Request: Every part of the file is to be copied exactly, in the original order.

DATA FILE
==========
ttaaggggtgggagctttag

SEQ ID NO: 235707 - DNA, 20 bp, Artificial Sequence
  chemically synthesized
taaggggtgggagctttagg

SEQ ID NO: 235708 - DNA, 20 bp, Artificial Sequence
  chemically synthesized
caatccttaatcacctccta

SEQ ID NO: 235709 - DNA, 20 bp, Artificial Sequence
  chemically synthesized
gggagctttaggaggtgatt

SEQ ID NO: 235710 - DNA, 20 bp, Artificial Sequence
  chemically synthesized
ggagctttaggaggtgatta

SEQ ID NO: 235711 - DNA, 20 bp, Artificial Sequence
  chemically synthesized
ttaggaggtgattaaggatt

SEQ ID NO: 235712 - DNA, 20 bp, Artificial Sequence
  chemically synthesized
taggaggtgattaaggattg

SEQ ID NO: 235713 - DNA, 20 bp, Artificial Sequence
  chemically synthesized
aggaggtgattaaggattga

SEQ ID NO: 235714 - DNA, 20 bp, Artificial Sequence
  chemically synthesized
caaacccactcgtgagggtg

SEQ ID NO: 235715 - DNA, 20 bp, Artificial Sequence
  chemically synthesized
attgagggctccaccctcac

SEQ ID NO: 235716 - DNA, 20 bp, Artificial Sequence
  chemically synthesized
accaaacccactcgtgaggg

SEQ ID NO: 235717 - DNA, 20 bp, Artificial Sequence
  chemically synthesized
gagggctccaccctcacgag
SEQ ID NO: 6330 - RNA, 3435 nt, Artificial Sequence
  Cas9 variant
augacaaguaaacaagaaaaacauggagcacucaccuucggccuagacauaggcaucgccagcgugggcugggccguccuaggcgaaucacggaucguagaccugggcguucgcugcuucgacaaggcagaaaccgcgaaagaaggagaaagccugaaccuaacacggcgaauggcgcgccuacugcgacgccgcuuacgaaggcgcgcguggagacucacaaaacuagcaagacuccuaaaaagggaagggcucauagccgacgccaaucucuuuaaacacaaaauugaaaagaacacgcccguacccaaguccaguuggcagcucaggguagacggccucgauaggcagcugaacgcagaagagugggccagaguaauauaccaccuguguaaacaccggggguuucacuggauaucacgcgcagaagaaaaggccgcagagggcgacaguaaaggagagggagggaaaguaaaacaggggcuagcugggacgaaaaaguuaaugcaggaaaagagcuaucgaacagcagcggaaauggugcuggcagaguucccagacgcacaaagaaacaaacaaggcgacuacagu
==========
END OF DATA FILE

ttaaggggtgggagctttag

SEQ ID NO: 235707 - DNA, 20 bp, Artificial Sequence
  chemically synthesized
taaggggtgggagctttagg

SEQ ID NO: 235708 - DNA, 20 bp, Artificial Sequence
  chemically synthesized
caatccttaatcacctccta

SEQ ID NO: 235709 - DNA, 20 bp, Artificial Sequence
  chemically synthesized
gggagctttaggaggtgatt

SEQ ID NO: 235710 - DNA, 20 bp, Artificial Sequence
  chemically synthesized
ggagctttaggaggtgatta

SEQ ID NO: 235711 - DNA, 20 bp, Artificial Sequence
  chemically synthesized
ttaggaggtgattaaggatt

SEQ ID NO: 235712 - DNA, 20 bp, Artificial Sequence
  chemically synthesized
taggaggtgattaaggattg

SEQ ID NO: 235713 - DNA, 20 bp, Artificial Sequence
  chemically synthesized
aggaggtgattaaggattga

SEQ ID NO: 235714 - DNA, 20 bp, Artificial Sequence
  chemically synthesized
caaacccactcgtgagggtg

SEQ ID NO: 235715 - DNA, 20 bp, Artificial Sequence
  chemically synthesized
attgagggctccaccctcac

SEQ ID NO: 235716 - DNA, 20 bp, Artificial Sequence
  chemically synthesized
accaaacccactcgtgaggg

SEQ ID NO: 235717 - DNA, 20 bp, Artificial Sequence
  chemically synthesized
gagggctccaccctcacgag
SEQ ID NO: 6330 - RNA, 3435 nt, Artificial Sequence
  Cas9 variant
augacaaguaaacaagaaaaacauggagcacucaccuucggccuagacauaggcaucgccagcgugggcugggccguccuaggcgaaucacggaucguagaccugggcguucgcugcuucgacaaggcagaaaccgcgaaagaaggagaaagccugaaccuaacacggcgaauggcgcgccuacugcgacgccgcuuacgaaggcgcgcguggagacucacaaaacuagcaagacuccuaaaaagggaagggcucauagccgacgccaaucucuuuaaacacaaaauugaaaagaacacgcccguacccaaguccaguuggcagcucaggguagacggccucgauaggcagcugaacgcagaagagugggccagaguaauauaccaccuguguaaacaccggggguuucacuggauaucacgcgcagaagaaaaggccgcagagggcgacaguaaaggagagggagggaaaguaaaacaggggcuagcugggacgaaaaaguuaaugcaggaaaagagcuaucgaacagcagcggaaauggugcuggcagaguucccagacgcacaaagaaacaaacaaggcgacuacagu